Recent USDA reports provide a picture of the hay situation across the U.S. December 1 hay stocks were down a scant 0.6 percent year over year for the entire U.S. Table 1 shows the top ten states for hay stocks as well as 2020 all hay, alfalfa hay and other production. Among the top ten states for hay stocks, Texas was up 14.3 percent year over year along with Kentucky, up 27.5 percent and Tennessee up 1.0 percent compared to the previous year. Nebraska had an equal level of hay stocks on December 1. The other six states had year over year reductions in end-of-year hay stocks led by Missouri, down 13.0 percent; North Dakota, down 11.9 percent; South Dakota, down 7.2; Montana, down 5.9 percent; Kansas, down 5.7 percent and Oklahoma, down 2.4 percent.
Total 2020 hay production was down 1.6 percent nationwide with alfalfa hay production down 3.3 percent year over year and other hay production down just 0.3 percent compared to 2019. All hay production in Kentucky was up 22.7 percent year over year, led by a 24.2 percent increase in other hay production. Texas had a 4.9 percent year over year increase in both all hay and other hay production. Nebraska had a 4.7 percent increase in all hay year over year, the result of a 9.5 percent decrease in alfalfa production and a 25.3 percent increase in other hay production.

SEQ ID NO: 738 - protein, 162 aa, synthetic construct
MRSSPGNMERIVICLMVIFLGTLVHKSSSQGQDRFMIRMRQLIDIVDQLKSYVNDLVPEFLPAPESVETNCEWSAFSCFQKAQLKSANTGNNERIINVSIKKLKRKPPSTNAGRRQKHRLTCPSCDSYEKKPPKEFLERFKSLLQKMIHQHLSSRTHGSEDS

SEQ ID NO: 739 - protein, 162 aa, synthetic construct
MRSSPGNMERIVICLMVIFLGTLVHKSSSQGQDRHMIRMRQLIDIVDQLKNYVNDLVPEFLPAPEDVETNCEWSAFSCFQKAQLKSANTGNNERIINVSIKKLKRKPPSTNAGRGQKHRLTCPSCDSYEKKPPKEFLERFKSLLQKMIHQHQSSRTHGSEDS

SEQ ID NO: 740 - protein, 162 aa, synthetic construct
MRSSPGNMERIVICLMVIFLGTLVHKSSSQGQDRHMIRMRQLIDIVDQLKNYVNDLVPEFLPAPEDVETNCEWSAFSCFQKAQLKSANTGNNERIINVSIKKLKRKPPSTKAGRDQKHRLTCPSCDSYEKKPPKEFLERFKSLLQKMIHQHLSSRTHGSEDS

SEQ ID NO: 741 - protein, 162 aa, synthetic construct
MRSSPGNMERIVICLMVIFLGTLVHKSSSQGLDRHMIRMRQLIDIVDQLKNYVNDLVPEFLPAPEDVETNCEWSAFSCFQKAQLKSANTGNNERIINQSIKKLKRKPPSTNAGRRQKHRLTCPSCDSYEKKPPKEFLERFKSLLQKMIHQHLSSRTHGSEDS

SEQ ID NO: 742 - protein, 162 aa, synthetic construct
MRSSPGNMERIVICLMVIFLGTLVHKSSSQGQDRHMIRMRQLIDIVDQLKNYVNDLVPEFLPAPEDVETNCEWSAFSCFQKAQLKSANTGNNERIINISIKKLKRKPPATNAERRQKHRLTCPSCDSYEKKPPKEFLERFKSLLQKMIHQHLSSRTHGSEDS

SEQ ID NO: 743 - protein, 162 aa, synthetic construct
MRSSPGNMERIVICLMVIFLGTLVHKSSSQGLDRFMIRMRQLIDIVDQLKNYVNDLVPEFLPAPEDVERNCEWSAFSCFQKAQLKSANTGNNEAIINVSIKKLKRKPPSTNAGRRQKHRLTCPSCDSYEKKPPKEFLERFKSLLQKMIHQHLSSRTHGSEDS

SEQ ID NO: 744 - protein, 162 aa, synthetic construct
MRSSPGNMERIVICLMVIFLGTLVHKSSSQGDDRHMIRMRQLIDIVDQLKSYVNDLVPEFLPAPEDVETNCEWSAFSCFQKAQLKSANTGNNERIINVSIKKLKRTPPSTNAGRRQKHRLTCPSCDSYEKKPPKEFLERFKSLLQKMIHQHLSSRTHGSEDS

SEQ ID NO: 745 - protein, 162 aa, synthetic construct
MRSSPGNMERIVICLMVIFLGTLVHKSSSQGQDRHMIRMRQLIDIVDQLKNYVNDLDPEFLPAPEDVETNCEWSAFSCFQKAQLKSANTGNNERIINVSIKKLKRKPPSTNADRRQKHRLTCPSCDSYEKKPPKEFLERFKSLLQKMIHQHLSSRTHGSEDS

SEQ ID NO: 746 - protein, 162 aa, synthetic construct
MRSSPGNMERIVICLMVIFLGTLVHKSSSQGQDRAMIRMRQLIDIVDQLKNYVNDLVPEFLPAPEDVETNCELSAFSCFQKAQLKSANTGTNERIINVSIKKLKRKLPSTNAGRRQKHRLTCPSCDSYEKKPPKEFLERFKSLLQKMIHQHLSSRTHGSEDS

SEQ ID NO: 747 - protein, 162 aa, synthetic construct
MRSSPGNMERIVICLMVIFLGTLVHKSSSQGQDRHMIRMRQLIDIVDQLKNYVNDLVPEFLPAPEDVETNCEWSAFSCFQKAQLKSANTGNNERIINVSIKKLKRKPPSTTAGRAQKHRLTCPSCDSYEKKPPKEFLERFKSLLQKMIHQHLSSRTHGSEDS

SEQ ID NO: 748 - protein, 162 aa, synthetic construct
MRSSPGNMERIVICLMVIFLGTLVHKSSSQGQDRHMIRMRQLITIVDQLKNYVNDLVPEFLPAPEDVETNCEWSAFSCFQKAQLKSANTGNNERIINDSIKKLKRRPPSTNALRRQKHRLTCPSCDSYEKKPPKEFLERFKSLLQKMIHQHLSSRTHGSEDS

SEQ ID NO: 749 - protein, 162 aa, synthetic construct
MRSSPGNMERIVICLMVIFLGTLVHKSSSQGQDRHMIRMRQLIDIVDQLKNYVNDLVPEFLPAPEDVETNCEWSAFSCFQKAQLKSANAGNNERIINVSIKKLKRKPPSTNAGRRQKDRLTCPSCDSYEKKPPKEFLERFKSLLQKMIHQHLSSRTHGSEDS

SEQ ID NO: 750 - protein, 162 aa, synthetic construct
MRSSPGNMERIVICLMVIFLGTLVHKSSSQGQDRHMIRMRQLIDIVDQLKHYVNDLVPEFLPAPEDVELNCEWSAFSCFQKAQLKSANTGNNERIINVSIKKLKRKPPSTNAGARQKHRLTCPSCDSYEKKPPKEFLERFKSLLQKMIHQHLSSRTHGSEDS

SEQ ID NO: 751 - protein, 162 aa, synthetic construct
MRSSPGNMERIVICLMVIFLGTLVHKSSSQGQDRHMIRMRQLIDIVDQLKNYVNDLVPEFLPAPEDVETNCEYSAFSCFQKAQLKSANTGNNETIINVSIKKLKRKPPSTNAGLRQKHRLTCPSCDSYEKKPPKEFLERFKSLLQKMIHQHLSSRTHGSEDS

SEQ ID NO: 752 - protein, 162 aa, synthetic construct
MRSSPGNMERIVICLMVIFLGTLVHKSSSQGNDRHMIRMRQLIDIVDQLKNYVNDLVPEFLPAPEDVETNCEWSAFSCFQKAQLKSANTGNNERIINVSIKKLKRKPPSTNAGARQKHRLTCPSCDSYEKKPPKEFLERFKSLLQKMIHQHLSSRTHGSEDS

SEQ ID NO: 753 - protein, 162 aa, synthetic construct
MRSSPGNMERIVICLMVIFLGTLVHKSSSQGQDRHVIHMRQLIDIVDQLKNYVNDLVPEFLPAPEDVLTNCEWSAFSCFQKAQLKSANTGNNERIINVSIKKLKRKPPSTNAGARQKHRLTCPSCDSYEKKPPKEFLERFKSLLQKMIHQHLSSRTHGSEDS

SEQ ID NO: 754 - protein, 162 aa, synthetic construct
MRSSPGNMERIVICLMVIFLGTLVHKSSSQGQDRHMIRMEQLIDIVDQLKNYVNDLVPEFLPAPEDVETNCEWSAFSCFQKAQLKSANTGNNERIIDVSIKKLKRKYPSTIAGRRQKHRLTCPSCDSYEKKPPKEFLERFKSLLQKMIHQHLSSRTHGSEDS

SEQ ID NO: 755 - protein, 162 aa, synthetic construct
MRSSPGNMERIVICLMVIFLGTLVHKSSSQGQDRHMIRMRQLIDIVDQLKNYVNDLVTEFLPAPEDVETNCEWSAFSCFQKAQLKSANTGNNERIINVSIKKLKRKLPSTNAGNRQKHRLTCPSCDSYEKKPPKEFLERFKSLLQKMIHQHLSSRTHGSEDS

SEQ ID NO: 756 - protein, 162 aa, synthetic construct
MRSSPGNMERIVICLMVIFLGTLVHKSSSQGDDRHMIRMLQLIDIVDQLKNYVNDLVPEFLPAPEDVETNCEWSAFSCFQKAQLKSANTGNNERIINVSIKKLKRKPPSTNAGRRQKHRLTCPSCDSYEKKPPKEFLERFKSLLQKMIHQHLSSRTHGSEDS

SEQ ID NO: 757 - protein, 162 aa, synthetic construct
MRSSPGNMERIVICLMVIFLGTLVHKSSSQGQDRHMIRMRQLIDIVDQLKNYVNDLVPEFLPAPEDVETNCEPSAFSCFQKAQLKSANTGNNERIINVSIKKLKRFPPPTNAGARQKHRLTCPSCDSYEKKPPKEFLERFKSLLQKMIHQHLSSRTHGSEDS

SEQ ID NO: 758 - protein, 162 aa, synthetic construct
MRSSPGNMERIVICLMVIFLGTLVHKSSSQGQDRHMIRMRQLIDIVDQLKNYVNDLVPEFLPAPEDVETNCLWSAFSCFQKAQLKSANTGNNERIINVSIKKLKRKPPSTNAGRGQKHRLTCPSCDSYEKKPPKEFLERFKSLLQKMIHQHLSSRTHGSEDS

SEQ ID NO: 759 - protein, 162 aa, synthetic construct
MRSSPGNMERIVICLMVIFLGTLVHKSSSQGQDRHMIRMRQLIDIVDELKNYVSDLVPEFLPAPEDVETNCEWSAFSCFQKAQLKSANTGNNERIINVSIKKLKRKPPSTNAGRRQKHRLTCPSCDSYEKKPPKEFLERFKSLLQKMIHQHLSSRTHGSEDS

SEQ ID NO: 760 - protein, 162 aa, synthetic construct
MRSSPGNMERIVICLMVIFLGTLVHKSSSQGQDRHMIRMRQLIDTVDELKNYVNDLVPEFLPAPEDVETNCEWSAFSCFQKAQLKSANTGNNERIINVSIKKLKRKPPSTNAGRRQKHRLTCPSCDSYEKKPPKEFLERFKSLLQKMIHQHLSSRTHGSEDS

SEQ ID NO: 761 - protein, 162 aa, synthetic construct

Drought persisted across much of the west in 2020 and has extended into much of the Great Plains at the current time. Several states reveal the impact of the drought on hay production and supplies and the challenges for cattle producers in those regions. Colorado had December 1 hay stocks down 15.0 percent year over year, with 2020 alfalfa hay production down 11.9 percent and other hay production down 32.1 percent. New Mexico had December 1 hay stocks down 36.4 percent year over year and the lowest end-of year-hay stocks in the state in data back to 1973. New Mexico alfalfa hay production was down 12.1 percent year over year and other hay production was down 21.8 percent in 2020 compared to the previous year. While overall U.S. hay supplies appear to be adequate, it is clear that some drought regions are experiencing severe challenges to get through the winter. The 16 western and plains states (not including Texas) had December 1 hay stocks down 5.8 percent year over year. Texas has some drought regions but overall hay stocks in the state are up.
(Derrell S. Peel is a livestock marketing specialist for Oklahoma State University.)